Wednesday 4 September 2019

Book Review: Malibu Motel by Chaunceton Bird

Last Updated: 18 September 2021

Malibu Motel by Chaunceton Bird book cover

AD* | Based on the incredible true story of a hapless lottery winner, Malibu Motel is a raw, timeless novel exploring the undercurrents of capitalism. Caish Calloway is struggling to maintain a stake in the land of limitless privilege. Blinded by pride and fueled by greed, Caish is a slave to the wiles of a moneyed mind, as only one who has tasted wealth's powerful fruit can be.

Malibu Motel is an unflinching account of a life lived in the fast lane; a true modern-day rags to riches and back again story. Caish Calloway is the absolute opposite of a traditional hero – a selfish, entitled individual who thinks of little more than money, sex, drugs and alcohol. Despite these obvious problems, you still can’t help but wish Caish luck in the quest to reclaim former wealth and escape the clutches of extreme poverty. From start to finish, Malibu Motel is a real rollercoaster ride and a story that keeps you turning page after page!

Malibu Motel is a story with a difference – the main character, Caish, is the exact opposite of a hero. Now, in itself, this is certainly nothing ground-breaking, but Caish has little to no redeeming qualities at all. To start with, I found this to be little more than an irritating oversight on the part of the author, but as I persevered through the book, I began to see why Caish was created the way they were.

Despite being the principal character, Caish is portrayed simply, as a rough caricature of a person. Their personality is reserved solely for greed, selfishness and self-righteousness, with no real shred of humanity present. Coupled with the fact that Caish’s innermost thoughts are clearly painted yet we still don’t know if they are male or female, and you begin to see the subtle beginnings of a clever web woven by the author.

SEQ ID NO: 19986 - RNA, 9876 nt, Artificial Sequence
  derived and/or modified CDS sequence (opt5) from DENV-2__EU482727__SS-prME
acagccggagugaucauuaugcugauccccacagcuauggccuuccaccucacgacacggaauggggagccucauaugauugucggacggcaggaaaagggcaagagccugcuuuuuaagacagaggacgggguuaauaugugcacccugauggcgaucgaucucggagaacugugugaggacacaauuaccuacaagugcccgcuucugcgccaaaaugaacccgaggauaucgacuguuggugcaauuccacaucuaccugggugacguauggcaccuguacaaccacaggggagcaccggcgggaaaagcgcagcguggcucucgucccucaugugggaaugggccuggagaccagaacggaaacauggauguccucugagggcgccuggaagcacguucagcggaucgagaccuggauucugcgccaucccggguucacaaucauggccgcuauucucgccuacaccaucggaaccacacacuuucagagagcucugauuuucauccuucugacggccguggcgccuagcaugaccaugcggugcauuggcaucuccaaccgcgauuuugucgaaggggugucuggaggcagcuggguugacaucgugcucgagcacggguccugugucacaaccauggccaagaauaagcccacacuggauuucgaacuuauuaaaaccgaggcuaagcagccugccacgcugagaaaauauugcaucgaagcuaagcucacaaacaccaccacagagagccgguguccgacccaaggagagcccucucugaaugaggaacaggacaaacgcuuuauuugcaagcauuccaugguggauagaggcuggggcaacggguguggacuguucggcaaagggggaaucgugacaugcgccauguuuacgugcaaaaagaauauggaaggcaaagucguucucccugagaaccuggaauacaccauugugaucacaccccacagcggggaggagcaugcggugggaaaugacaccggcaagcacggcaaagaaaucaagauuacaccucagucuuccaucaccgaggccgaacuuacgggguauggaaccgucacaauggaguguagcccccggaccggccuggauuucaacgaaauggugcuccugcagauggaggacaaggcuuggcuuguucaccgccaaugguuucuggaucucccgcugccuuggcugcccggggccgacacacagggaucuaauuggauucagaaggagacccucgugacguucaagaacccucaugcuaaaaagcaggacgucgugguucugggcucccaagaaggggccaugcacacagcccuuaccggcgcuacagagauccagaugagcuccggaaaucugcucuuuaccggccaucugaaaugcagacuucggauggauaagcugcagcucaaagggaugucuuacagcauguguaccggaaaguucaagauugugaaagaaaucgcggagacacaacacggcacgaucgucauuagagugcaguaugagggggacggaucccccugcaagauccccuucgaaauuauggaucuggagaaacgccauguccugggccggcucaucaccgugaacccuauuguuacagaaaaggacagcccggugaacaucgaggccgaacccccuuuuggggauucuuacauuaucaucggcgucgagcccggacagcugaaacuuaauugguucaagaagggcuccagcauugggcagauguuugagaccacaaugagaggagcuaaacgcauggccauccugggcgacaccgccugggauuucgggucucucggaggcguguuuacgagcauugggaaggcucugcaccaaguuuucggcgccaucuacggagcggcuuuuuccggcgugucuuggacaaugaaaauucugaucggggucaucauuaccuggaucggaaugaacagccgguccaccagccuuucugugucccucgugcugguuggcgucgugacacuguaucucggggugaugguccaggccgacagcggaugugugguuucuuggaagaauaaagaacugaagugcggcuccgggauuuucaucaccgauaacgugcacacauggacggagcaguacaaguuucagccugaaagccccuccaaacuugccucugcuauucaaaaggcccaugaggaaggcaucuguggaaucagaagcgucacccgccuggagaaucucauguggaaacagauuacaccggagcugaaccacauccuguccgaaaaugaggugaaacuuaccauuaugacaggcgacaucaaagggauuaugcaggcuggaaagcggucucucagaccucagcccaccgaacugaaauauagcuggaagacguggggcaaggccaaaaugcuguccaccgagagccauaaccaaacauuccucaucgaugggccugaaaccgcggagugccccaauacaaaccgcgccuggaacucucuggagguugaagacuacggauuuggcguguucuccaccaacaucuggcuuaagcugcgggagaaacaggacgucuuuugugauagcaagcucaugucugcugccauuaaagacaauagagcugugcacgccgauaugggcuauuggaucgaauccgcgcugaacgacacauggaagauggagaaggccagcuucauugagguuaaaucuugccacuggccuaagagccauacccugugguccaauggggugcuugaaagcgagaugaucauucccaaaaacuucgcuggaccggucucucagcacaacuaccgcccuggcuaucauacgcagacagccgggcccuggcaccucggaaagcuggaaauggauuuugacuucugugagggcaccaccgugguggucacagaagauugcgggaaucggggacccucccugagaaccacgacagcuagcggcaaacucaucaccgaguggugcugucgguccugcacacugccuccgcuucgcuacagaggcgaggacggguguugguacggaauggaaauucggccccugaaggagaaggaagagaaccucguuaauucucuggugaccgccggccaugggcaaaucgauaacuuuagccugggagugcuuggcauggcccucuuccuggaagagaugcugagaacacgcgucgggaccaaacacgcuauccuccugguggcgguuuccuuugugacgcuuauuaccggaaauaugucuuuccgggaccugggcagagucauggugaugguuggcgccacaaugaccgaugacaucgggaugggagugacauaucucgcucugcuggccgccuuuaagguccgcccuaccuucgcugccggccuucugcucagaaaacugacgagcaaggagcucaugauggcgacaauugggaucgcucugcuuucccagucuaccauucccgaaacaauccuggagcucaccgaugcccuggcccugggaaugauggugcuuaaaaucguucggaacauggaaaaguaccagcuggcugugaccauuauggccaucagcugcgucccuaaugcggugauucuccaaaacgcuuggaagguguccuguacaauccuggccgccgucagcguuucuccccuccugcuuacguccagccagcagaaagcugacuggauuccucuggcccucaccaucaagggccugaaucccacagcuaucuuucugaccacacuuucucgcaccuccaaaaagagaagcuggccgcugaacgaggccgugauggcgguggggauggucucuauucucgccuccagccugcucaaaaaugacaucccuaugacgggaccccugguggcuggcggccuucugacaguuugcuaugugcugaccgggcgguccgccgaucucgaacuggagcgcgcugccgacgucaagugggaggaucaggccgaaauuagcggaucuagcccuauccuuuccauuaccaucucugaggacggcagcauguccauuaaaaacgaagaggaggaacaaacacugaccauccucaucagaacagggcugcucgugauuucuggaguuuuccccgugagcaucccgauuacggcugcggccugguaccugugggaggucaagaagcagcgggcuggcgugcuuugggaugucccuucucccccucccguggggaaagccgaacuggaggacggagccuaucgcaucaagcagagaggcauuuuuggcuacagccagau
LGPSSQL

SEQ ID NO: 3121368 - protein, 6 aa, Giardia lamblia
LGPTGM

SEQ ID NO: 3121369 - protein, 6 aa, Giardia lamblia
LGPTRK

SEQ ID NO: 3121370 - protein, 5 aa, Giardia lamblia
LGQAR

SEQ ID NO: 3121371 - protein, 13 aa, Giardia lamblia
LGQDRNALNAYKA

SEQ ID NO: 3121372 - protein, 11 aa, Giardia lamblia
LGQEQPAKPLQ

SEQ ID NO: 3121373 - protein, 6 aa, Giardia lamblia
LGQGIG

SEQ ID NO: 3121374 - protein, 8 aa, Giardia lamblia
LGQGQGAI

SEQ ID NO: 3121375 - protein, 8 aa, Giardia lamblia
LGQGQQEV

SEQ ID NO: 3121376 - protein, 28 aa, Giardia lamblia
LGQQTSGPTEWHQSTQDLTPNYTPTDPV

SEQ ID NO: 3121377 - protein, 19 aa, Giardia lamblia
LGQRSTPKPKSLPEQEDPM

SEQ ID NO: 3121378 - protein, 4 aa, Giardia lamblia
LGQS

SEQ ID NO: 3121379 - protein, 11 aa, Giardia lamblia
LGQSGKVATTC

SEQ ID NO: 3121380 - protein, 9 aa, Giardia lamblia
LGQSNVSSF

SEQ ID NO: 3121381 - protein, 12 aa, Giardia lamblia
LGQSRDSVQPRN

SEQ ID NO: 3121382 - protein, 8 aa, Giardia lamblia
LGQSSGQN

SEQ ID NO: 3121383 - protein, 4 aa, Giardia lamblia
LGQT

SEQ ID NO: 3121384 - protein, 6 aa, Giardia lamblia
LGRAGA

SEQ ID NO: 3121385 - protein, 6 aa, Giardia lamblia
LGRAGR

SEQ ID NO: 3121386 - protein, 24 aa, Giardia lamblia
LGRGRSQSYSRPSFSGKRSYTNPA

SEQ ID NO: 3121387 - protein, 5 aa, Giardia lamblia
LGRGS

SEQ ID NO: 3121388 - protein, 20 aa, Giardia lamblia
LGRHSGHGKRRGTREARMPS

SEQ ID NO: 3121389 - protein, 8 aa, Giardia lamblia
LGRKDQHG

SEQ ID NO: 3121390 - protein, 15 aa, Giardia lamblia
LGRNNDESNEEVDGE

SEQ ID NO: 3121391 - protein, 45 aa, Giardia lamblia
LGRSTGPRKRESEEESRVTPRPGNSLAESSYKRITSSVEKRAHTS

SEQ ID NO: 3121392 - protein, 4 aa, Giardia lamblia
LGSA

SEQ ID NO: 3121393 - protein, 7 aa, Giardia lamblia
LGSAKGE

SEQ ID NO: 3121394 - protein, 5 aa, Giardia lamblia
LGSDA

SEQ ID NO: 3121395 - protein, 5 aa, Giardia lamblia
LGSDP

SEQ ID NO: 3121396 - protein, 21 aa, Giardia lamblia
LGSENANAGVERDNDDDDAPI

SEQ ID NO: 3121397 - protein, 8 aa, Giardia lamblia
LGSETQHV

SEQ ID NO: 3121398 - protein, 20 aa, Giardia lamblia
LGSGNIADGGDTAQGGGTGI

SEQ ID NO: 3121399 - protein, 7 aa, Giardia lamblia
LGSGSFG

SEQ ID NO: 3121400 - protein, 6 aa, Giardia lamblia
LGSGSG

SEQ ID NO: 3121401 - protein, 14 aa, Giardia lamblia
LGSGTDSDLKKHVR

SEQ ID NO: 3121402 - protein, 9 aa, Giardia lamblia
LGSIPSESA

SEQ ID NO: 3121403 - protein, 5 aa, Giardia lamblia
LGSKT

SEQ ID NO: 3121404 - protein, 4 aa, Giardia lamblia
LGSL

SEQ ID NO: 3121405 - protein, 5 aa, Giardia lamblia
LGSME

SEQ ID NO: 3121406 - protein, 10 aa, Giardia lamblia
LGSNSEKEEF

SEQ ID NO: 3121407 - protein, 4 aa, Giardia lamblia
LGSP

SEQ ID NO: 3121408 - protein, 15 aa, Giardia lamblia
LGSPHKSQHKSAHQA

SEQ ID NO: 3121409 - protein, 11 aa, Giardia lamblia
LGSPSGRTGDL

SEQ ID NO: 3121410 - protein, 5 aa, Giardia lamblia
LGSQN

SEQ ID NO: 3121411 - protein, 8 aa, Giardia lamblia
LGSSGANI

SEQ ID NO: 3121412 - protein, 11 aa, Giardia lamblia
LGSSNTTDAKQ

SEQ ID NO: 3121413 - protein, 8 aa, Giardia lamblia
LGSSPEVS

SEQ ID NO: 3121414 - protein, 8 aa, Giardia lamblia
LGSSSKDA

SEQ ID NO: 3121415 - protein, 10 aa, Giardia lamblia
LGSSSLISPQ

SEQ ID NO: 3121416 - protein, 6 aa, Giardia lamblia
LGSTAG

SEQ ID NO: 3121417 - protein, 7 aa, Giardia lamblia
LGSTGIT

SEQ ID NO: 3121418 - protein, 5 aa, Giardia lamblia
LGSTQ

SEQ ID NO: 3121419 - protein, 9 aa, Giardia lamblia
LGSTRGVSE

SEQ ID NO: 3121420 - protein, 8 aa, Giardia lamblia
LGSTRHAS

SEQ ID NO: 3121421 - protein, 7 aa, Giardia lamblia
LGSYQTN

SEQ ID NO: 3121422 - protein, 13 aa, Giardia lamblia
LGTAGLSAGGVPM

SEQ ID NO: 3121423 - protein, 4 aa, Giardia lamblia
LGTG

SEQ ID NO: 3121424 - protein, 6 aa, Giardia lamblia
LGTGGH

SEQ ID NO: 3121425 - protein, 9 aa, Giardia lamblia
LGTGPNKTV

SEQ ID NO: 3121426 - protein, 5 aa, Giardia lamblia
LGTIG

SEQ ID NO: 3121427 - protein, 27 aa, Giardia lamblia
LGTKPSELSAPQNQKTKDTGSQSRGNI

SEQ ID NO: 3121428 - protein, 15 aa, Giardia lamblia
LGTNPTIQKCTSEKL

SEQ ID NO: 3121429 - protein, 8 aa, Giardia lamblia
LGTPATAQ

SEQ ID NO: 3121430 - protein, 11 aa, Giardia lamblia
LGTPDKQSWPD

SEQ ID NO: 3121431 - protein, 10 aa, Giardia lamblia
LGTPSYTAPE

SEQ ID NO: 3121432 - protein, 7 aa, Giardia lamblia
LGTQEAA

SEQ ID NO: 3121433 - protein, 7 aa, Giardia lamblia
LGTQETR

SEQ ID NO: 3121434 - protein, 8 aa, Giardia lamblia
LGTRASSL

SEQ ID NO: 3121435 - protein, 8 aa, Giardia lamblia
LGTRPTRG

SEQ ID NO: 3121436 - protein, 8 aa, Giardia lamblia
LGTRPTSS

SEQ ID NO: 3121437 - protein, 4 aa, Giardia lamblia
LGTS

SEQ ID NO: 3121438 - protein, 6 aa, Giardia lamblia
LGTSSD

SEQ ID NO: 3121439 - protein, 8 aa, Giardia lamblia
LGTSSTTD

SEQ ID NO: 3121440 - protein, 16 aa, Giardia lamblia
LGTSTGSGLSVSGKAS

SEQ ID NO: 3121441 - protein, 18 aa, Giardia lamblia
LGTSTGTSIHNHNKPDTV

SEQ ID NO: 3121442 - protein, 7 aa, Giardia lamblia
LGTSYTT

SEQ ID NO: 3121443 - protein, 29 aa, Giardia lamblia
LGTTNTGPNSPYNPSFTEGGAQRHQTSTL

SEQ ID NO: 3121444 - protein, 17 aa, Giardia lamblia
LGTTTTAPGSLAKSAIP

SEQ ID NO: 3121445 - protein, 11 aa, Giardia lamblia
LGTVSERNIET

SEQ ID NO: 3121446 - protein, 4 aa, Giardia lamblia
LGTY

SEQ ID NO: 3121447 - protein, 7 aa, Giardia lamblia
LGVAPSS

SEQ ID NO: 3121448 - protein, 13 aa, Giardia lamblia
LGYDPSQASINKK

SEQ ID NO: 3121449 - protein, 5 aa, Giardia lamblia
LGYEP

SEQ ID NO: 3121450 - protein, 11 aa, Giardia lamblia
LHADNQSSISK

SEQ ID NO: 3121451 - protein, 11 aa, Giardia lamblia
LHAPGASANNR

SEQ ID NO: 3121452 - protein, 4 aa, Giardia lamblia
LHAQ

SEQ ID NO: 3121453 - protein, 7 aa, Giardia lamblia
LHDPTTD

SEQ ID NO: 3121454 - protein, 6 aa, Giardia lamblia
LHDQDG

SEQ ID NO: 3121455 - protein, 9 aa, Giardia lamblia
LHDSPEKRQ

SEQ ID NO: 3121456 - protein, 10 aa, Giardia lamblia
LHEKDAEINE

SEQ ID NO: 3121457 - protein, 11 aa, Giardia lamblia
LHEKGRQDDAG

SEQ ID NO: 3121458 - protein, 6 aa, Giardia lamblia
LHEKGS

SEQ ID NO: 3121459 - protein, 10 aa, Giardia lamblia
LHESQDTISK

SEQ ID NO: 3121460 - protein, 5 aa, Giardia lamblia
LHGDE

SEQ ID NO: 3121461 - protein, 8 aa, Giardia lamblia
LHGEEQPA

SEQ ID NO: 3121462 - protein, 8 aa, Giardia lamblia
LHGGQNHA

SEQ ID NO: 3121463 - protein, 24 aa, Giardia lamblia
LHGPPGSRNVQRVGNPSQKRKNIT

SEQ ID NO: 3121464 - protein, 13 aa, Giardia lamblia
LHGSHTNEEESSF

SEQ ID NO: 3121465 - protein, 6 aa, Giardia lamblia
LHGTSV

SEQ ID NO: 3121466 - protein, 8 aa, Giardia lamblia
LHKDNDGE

Caish is at once both a tangible individual and a complete enigma. Certain details are explained at length whereas other key facts are noticeably missing; the end result is a main character who remains somewhat of a mystery throughout.

This jarring familiarity sets the tone for the whole book and also manages to reference the events and the ordeal that Caish experiences.

In actual fact, it reads more like an autobiography than a work of fiction. Despite the tall tales and how unbelievable certain elements of the story are, every page is narrated by Caish and their voice dominates the plot. Despite their selfishness and greed, there is still a small part of you that hopes to see justice delivered to those responsible for Caish’s abrupt change in fortune – a fact which is still exciting, despite its clear foreshadowing.

As things go from bad to worse and all hope seems lost, the reader is still there to offer a sympathetic listening ear and a helping hand. The reader may judge, but Caish judges more.

All in all, Malibu Motel is a bit of a difficult one to review purely because it is just so different from anything else I’ve ever read. It’s a bit of an unexpected anomaly in my usual reading habits and as such, I can only thank the author for bringing it to my attention and for featuring my quotes both inside the book and on the back cover!

Malibu Motel is available to buy now.

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* I received a copy of this book in exchange for an honest review

Will you be grabbing a copy of the book? Let me know in the comments below!

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